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Awards Success for Council’s Family Teams

On Friday the 12th December, Cheshire Today reported on the results of the Children and Young People Now Awards. Held in London, with more than 400 people in attendance, Cheshire was well represented thanks to efforts of local organisations in improving the lives of young people within its boundaries.

First of all, we learn of the council’s success: “Cheshire East Council won the children in care award for its fostering capacity scheme, which awards grants to extend or adapt homes, or buy new cars to meet the needs of fostering households”.

As a team, here at Perpetual Fostering we are thrilled to hear of a council gaining recognition for helping the process of fostering so well. The article goes on to describe how the council “funded an extension, which has enabled one foster family to look after sibling groups, who can be hard to place.” As if that wasn’t enough, “when current projects are complete, the scheme will have helped improve the lives of about 20 children”.

Secondly, but no less importantly, the partnership working award went to Cheshire Without Abuse (CWA), a charity commissioned by the very same council. Their focus is on supporting children affected by domestic violence and abuse, by assessing all cases and partnering with a wide range of organisations to ensure youngsters aged 7 to 19 get appropriate help.

Part of the focus of CWA could involve any or all of the following:
• one-to-one support
• programmes to build resilience
• programmes to aide recovery from trauma

Cheshire East Council was also shortlisted in the youth justice award for its program to combat harmful sexual behaviour among young people. Director of Children’s Services, Tony Crane, celebrated their success: “Huge congratulations to my teams who were successful at the awards. I am so proud of their achievements and I thank them for their hard work to deliver these projects on top of their daily responsibilities”.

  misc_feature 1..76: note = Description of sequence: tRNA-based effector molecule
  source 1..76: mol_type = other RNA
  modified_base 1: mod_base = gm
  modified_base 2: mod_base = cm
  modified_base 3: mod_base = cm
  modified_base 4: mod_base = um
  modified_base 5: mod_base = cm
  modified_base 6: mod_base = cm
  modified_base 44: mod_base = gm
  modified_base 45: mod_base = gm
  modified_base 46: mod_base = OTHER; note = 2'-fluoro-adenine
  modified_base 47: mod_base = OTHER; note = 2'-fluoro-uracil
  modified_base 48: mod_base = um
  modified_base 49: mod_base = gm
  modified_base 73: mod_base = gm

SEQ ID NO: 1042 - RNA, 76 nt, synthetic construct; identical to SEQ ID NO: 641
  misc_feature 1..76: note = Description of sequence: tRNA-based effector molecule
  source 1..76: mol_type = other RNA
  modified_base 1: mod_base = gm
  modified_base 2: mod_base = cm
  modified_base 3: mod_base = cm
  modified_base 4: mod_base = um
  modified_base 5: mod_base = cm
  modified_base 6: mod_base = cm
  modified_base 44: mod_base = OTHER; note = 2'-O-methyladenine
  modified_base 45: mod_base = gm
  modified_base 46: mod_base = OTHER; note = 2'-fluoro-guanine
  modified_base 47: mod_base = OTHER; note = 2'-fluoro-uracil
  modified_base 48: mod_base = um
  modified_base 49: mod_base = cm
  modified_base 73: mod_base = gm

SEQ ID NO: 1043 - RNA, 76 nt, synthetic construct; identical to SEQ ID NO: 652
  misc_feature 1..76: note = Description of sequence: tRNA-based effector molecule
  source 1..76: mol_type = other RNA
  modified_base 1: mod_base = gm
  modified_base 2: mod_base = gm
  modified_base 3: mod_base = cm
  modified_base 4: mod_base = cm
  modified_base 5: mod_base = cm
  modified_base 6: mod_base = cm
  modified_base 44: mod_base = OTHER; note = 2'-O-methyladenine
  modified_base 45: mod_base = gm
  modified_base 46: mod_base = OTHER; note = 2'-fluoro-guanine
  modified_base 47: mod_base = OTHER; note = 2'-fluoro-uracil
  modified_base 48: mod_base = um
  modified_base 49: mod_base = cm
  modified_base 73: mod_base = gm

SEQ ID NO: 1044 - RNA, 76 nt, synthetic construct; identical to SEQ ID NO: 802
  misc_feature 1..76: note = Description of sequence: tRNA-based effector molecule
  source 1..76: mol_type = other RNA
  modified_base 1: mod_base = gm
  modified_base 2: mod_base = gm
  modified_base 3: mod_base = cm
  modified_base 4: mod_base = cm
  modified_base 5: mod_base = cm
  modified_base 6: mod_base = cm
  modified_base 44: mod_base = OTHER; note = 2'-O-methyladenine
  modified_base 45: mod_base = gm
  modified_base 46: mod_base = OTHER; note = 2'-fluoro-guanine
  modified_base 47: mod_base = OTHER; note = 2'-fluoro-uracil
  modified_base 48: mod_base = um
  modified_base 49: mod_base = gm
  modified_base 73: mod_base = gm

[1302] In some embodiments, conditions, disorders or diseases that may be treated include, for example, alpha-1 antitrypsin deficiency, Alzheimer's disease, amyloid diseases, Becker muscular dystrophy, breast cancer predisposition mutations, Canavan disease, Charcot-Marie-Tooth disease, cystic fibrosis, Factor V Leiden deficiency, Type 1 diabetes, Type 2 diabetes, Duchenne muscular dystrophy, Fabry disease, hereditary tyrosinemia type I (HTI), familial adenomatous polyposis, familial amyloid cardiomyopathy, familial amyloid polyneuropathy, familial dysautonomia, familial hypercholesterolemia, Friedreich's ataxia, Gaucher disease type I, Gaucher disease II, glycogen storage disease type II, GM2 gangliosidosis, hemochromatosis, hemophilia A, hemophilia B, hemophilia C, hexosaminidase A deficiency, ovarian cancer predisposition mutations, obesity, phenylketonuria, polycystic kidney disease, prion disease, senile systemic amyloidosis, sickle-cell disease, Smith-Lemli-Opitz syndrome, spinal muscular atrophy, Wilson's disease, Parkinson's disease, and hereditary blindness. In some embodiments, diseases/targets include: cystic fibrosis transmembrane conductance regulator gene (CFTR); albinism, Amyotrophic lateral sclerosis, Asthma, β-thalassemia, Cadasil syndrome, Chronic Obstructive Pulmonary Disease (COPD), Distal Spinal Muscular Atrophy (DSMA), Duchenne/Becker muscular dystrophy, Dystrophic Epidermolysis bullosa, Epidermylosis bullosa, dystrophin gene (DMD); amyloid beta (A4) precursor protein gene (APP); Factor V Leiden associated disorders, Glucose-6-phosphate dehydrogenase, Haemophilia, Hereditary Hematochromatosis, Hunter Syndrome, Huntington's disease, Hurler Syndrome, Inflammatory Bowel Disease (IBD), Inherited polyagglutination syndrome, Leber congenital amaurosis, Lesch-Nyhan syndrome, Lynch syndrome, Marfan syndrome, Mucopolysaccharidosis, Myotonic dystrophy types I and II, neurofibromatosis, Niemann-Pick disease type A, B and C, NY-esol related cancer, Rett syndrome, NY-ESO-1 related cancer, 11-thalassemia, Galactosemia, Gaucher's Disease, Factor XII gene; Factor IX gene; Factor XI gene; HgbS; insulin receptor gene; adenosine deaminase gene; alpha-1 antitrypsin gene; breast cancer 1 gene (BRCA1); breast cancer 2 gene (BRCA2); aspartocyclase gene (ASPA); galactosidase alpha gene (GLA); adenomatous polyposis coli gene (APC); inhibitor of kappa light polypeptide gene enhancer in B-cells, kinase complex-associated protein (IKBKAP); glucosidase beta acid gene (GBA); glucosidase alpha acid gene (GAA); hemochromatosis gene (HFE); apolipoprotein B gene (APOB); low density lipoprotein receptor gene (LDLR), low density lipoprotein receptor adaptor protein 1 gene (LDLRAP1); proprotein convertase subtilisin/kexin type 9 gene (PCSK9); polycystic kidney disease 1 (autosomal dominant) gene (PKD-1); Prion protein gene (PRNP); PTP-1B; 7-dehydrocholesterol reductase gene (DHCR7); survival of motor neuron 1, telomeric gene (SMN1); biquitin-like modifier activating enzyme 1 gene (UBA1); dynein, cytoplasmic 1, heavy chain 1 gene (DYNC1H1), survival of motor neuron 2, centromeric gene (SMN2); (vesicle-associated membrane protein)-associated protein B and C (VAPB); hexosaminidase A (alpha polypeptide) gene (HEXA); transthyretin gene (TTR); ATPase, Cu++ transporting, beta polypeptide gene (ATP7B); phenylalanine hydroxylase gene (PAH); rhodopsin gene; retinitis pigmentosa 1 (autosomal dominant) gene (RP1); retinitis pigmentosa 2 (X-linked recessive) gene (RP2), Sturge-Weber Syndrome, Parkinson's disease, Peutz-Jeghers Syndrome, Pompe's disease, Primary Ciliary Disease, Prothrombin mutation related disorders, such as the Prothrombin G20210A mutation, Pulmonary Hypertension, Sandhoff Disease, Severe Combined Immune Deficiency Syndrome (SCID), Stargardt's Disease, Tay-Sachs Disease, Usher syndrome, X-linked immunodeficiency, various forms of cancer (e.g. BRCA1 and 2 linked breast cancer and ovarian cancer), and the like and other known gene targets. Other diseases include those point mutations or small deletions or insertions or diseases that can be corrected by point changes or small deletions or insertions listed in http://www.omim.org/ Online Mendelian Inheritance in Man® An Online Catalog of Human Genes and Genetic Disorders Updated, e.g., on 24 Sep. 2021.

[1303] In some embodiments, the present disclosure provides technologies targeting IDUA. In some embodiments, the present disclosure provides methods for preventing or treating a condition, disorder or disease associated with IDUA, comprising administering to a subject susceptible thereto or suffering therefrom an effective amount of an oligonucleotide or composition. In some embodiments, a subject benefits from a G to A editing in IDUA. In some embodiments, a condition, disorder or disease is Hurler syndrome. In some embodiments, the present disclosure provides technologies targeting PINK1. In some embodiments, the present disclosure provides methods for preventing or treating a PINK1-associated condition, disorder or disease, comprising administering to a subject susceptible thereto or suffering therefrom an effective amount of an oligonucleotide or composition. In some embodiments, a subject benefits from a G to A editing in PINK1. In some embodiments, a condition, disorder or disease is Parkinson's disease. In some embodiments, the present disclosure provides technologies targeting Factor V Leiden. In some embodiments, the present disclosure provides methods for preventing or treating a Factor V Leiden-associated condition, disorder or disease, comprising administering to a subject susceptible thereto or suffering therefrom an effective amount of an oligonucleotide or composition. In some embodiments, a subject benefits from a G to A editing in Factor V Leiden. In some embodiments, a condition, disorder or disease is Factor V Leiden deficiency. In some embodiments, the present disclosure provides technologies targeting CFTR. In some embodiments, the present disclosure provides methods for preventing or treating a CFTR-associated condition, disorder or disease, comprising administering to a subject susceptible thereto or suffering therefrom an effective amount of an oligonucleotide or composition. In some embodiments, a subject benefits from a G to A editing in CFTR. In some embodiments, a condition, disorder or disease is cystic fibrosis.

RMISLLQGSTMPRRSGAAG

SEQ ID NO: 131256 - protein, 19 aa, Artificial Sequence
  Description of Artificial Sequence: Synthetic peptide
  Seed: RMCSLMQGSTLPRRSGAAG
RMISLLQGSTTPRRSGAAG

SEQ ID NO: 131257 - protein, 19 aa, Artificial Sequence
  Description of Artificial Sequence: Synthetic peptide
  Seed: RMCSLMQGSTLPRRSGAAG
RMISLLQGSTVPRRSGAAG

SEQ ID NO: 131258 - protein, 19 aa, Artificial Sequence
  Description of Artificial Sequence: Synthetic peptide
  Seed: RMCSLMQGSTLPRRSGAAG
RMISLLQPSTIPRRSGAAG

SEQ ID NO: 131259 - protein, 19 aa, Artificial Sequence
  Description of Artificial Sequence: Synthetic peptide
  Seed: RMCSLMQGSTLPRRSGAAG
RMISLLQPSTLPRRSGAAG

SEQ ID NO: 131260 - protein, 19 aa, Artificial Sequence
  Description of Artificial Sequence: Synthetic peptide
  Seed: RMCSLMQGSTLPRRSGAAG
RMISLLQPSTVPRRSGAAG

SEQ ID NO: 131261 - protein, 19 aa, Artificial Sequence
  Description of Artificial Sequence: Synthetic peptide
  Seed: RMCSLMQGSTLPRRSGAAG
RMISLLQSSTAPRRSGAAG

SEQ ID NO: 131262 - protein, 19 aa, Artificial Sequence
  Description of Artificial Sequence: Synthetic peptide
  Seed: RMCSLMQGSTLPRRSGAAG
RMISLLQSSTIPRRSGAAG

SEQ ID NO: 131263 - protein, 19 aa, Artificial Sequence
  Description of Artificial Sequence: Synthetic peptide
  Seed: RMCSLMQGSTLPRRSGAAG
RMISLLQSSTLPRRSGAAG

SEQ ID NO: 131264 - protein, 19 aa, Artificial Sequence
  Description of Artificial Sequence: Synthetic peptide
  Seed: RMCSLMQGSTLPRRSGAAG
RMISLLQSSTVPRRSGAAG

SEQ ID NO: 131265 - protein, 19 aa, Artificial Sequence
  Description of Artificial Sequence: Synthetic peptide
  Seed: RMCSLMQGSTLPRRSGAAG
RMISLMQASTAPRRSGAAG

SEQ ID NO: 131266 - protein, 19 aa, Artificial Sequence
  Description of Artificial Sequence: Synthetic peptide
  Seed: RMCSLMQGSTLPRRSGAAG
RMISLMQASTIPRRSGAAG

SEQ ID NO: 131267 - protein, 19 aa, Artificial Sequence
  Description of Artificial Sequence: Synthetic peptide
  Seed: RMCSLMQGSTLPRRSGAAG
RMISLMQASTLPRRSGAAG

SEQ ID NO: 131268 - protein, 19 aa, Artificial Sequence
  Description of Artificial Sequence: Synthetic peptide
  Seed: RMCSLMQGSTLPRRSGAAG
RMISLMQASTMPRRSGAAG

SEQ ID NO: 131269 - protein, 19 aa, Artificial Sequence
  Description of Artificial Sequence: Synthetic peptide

It’s so heartening to see organisations from our region of the country gain such commendations at countrywide awards! If you’re interested in fostering, but aren’t sure if it’s for you, we’ve got some answers – contact us today, we’d love to hear from you.

The Cumbria Women of the Year committee recently held its 25th annual presentation of the eponymous award. Earning her “countrywide recognition for [her] achievements” Doreen Beattie, a long-time resident of Kirkoswald, was celebrated for having dedicated the better part of her life “to caring for those most vulnerable, both children and the elderly”.

The Cumberland & Westmoreland Herald details her remarkable story:

“Having been abandoned by her mother, and subsequently growing up in an orphanage in Glasgow, Doreen became used to looking after others from the age of 12, when she was expected to rise at 5:30am to look after 17 under-nines, washing and dressing them. She trained as a nurse, making her well equipped to take on the demanding role of fostering. As well as bringing up her own two children, Doreen gave youngsters in her care the chance of a normal home life.”

The chairperson of the committee, Tess Hart, also details how Doreen had “given great strength to the families” she had helped. On top of caring in her domestic context, we also learn that she “played a big part in the community life of Kirkoswald”, providing plenty of “support, comfort and reassurance” to fellow residents of her village.

Later on in the article, her effectiveness as a carer is outlined by the success of one of the many children who had been in her care. A young adult, whom she initially helped as a “young boy with Asperger syndrome”, recounted how her support had been crucial in facilitating his journey, including gaining a BA:

“Without her, people would have given up on me, and I might be in an institution or worse. Doreen Beattie wanted to prove I wasn’t like the rest, I wasn’t going to be written off as unteachable, unable to get work or a career. I now have a respectable job, I got through my education, and I always remembered the advice she gave me. I owe my life to her.”

After retiring from her career as a foster carer, she has since gone on to become a carer for the elderly in her community – an apt transferral of her “special skills and dedication” to an equally commendable calling.

We hope this article demonstrates the immense value foster carers can and do create in their communities each and every day across the UK. Find out some of our own foster carer stories, or get in touch with us if you want to make a similar kind of difference in your own community.